This is a guest post by Adrian Asher, CISO at London Stock Exchange.
When a child goes near something hot, a parent will warn them not to touch it. But of course, if the warnings aren’t heeded, the child may get burned. With repetition, the message eventually sinks in and behavior changes.
The message to patch has been repeated many times. There is a seemingly unending litany of examples where this has not happened.
Regulators are considering how best to ensure adequately maintained security, along with privileged access monitoring, protecting data in the cloud are also hot topics high on their agenda.
Of course, none of this is news to us. We have been living in this world of patch-Tuesday-compromize-Wednesday for some time, and yet many organizations are still not embracing patching. Certain infrastructure may even never be patched on the grounds of stability. One CEO I met ranked their list of IT priorities under: Security, Reliability and Features. If only all boards and execs did that.
As I interact with people at events and dinners, I look around and see people that want to do the right thing. They know they need to patch. They know they need to implement Privileged Session Management. Yet ask those same people if they are happy with the level of patching within their organizations and they will either avoid the question or laugh at this apparent joke.
Think back to 10 years ago in the consumer patching world, unpatched home computers were getting compromised within minutes of being placed on an always-on broadband connection. They would be turned into unwitting participants in bot nets or have key loggers installed to try and capture online banking credentials.
Fast forward to today, those same consumer PCs are the most patched and up to date that they can be. So what happened? The patching became default. Automatically updated every week and every day for virus definitions, without the user having to do anything, other than the occasional reboot.
Over that same time period, corporate computers have not changed. If we leave aside the cloud for the moment, then the way that corporate desktops get patched is the same as it was 10 years ago. Sure, the packaging deployment systems may have evolved, but fundamentally no organisation (that I know of at least) defaults to installing all patches as soon as they come out.
When I ask people why they don’t just install all patches they say “stability”. But if I go back to the insightful CEO and follow their order, stability or reliability would come after security. I believe that order is correct. However I also believe you don’t have to shoot yourself in the foot just for security.
Default 1/10th of all of your desktops to patch within a day or two, and the rest automatically over the next week. Within a week you would have all desktops patched. Obviously you would need to invest in automation, processes and people. But the cost is far less than having to clean up WannaCry or play whack a mole to remove something once inside a corporate network.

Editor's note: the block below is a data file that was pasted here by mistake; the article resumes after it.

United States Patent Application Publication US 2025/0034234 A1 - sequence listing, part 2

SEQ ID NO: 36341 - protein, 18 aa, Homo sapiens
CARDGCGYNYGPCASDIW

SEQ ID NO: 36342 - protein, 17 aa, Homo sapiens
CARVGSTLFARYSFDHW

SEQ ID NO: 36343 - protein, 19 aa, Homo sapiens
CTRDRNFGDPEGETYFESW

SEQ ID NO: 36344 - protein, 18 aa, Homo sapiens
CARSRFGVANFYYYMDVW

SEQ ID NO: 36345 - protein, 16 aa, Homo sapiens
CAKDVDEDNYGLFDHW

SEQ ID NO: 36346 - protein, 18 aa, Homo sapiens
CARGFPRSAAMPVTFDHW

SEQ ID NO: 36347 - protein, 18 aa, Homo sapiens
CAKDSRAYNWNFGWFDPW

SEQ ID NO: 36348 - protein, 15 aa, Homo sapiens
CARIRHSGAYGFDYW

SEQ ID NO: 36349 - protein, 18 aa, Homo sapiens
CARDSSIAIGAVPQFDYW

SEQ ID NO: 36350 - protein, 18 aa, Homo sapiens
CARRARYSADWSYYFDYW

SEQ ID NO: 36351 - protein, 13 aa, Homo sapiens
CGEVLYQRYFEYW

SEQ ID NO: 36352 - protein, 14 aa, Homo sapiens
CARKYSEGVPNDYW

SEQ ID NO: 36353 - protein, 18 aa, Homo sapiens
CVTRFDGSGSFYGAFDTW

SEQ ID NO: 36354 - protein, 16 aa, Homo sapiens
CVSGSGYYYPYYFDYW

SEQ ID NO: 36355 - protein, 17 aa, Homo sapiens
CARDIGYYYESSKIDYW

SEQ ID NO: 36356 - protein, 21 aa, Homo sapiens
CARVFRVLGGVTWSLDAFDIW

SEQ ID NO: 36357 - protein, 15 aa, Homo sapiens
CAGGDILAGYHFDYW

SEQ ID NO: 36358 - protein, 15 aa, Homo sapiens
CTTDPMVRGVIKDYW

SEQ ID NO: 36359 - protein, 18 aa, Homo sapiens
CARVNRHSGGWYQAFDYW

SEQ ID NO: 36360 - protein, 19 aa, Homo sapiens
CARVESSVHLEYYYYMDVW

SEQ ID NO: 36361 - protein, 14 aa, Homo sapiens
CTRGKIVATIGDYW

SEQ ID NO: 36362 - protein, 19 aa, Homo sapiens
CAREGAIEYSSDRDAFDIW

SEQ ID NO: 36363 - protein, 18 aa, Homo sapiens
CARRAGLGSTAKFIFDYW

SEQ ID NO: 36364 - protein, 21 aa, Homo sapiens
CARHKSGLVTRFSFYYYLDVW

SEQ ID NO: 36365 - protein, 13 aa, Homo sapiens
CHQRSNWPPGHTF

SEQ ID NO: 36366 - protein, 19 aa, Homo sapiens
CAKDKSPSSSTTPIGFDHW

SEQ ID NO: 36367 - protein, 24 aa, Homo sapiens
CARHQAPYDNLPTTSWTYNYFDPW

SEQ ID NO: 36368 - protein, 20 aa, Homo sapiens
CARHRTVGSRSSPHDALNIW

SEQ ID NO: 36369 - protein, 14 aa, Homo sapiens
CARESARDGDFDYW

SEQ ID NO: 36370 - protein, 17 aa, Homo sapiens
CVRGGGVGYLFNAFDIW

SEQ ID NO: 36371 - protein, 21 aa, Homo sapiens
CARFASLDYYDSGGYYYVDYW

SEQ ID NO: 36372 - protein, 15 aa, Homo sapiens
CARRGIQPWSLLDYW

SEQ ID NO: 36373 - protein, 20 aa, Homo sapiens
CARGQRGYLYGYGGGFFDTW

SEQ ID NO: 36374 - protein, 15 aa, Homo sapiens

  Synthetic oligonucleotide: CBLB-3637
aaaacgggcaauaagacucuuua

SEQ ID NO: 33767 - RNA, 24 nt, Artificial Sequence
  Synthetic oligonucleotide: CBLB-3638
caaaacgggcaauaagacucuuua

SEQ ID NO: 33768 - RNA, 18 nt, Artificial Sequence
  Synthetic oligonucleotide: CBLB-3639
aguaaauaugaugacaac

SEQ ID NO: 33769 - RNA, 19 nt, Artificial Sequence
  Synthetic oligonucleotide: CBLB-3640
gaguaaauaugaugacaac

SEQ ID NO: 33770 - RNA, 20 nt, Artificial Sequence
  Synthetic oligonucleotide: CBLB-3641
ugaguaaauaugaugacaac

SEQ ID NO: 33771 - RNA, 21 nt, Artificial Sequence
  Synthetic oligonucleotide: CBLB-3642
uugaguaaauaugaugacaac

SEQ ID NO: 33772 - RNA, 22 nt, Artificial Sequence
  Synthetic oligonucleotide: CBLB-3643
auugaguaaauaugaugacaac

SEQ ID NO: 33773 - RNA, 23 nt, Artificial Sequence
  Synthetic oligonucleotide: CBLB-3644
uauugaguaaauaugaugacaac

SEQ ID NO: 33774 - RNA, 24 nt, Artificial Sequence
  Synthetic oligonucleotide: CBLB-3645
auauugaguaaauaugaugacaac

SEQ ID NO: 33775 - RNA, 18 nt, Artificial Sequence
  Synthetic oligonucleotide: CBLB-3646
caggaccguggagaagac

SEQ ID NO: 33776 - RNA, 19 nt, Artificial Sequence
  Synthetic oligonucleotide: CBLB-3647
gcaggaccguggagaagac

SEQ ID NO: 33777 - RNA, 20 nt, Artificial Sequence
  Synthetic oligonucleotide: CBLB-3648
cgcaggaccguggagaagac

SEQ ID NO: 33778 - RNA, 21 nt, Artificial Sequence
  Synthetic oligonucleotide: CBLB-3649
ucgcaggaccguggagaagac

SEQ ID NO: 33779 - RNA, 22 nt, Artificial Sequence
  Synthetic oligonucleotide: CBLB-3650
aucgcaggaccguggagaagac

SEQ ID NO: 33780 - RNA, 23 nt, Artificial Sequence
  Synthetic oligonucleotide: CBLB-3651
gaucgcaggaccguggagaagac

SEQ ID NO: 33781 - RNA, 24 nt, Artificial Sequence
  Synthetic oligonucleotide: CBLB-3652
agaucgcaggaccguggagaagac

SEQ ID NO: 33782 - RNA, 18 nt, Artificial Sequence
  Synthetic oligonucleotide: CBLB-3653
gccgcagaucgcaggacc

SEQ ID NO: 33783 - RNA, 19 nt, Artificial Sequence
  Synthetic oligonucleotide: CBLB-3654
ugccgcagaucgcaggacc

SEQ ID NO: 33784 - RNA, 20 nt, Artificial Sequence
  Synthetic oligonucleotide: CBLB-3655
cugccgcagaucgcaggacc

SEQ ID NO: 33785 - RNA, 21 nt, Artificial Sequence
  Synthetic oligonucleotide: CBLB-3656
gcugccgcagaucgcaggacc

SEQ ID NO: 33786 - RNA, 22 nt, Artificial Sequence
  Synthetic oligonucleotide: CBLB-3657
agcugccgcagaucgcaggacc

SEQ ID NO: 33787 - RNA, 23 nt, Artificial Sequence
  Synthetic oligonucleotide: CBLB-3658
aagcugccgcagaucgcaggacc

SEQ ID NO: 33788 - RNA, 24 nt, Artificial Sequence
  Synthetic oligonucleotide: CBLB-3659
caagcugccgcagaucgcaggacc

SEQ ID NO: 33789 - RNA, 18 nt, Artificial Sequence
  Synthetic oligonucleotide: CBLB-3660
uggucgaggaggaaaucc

But what about the servers I hear you cry? My simple answer – Do the same. The two best defences you can have for free are these. Patch and reboot. Patch within days, reboot weekly.
Suggest this to your IT department and they will probably come up with a hundred reasons why not, or some edge case systems that it wouldn’t work for. In one of my previous blogs I talked about ‘ default to yes’ . IT helps them find the one way it could work, instead of focusing on the many reasons it won’t. If you can get them to a position where you don’t have to worry about patching on 80% of the estate, then their precious time can be spent focusing on the 20% that really need it.
I started this by saying we are winning battles and not the war. We are managing internal IT wrong. We continue to do it how we always have, and we’ve failed to heed the lessons of others, so we continue to do the same thing and expect different results.
Ask your teams who test the patches when the last time there was an issue with a patch. I don’t mean a major operating system upgrade, or a major package upgrade, rather a weekly or monthly security patch. When I asked this question I was shocked at the answer. I was expecting it to be low, in the 5-10% region, but they couldn’t think of anything since 2012.
When you think about your internal IT, think about how the cloud can influence your behavior. Can you imagine a cloud vendor testing every one of their customer’s setup against the latest OS patch? No. They just patch it and give you the tools to manage. The more we decouple the platform from the product the better and easier this will be.
For more information on winning the IT security war, download the “Privileged Identity Theft” whitepaper here.
Adrian has been working in Information Security for 16 years of his 21 years working in technology. He classes himself as a technologist that specializes in Security. Working now as London Stock Exchange Group CISO having just been HSBC’s CISO where he was in charge of all IT security globally for two years. He has worked in many industries and companies, bringing his unique brand of security that puts the business first.
Prior to HSBC Adrian was Executive in Residence at Accel Partners (London) helping and advising startups. CISO at Skype for 5 years where web scale and big-data was one of the most challenging environments to apply security to. Betfair, Man Group, Barclays Capital, BAA, BA, are just some of the other companies he has worked for across high tech and financial sectors. He holds a Masters in Information Security from the University of London.
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“The [Balabit] solution’s strongest points are the privileged session management, recording and search, and applying policy filters to apps and commands typed by administrators on monitored sessions.”
– The Forrester Wave, Privileged Identity Management, Q3 2016, by Andras Cser